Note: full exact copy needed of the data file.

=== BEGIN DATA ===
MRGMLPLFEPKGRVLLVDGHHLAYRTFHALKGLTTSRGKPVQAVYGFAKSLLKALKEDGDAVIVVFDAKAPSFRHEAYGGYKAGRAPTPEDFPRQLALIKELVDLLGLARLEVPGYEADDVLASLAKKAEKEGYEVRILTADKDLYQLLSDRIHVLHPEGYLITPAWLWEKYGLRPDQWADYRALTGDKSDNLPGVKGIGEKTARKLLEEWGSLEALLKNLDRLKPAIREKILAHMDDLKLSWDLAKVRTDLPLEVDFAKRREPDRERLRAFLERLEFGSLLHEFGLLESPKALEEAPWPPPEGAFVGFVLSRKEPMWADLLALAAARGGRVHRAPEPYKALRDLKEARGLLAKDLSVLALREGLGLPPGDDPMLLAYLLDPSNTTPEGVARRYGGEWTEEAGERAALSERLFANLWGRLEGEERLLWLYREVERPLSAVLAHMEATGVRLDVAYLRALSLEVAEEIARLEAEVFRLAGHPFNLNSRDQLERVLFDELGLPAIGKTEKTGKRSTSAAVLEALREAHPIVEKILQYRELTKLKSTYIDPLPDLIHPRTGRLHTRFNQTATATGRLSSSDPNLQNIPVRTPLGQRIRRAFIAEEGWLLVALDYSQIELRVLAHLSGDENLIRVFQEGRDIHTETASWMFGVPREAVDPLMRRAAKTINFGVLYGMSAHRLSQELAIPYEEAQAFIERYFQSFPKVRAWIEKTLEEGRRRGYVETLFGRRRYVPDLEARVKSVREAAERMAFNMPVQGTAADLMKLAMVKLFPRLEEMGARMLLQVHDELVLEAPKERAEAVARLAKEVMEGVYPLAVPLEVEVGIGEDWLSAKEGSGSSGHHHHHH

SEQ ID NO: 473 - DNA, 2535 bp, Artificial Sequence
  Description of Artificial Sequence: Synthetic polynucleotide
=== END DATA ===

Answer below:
MRGMLPLFEPKGRVLLVDGHHLAYRTFHALKGLTTSRGKPVQAVYGFAKSLLKALKEDGDAVIVVFDAKAPSFRHEAYGGYKAGRAPTPEDFPRQLALIKELVDLLGLARLEVPGYEADDVLASLAKKAEKEGYEVRILTADKDLYQLLSDRIHVLHPEGYLITPAWLWEKYGLRPDQWADYRALTGDKSDNLPGVKGIGEKTARKLLEEWGSLEALLKNLDRLKPAIREKILAHMDDLKLSWDLAKVRTDLPLEVDFAKRREPDRERLRAFLERLEFGSLLHEFGLLESPKALEEAPWPPPEGAFVGFVLSRKEPMWADLLALAAARGGRVHRAPEPYKALRDLKEARGLLAKDLSVLALREGLGLPPGDDPMLLAYLLDPSNTTPEGVARRYGGEWTEEAGERAALSERLFANLWGRLEGEERLLWLYREVERPLSAVLAHMEATGVRLDVAYLRALSLEVAEEIARLEAEVFRLAGHPFNLNSRDQLERVLFDELGLPAIGKTEKTGKRSTSAAVLEALREAHPIVEKILQYRELTKLKSTYIDPLPDLIHPRTGRLHTRFNQTATATGRLSSSDPNLQNIPVRTPLGQRIRRAFIAEEGWLLVALDYSQIELRVLAHLSGDENLIRVFQEGRDIHTETASWMFGVPREAVDPLMRRAAKTINFGVLYGMSAHRLSQELAIPYEEAQAFIERYFQSFPKVRAWIEKTLEEGRRRGYVETLFGRRRYVPDLEARVKSVREAAERMAFNMPVQGTAADLMKLAMVKLFPRLEEMGARMLLQVHDELVLEAPKERAEAVARLAKEVMEGVYPLAVPLEVEVGIGEDWLSAKEGSGSSGHHHHHH

SEQ ID NO: 473 - DNA, 2535 bp, Artificial Sequence
  Description of Artificial Sequence: Synthetic polynucleotide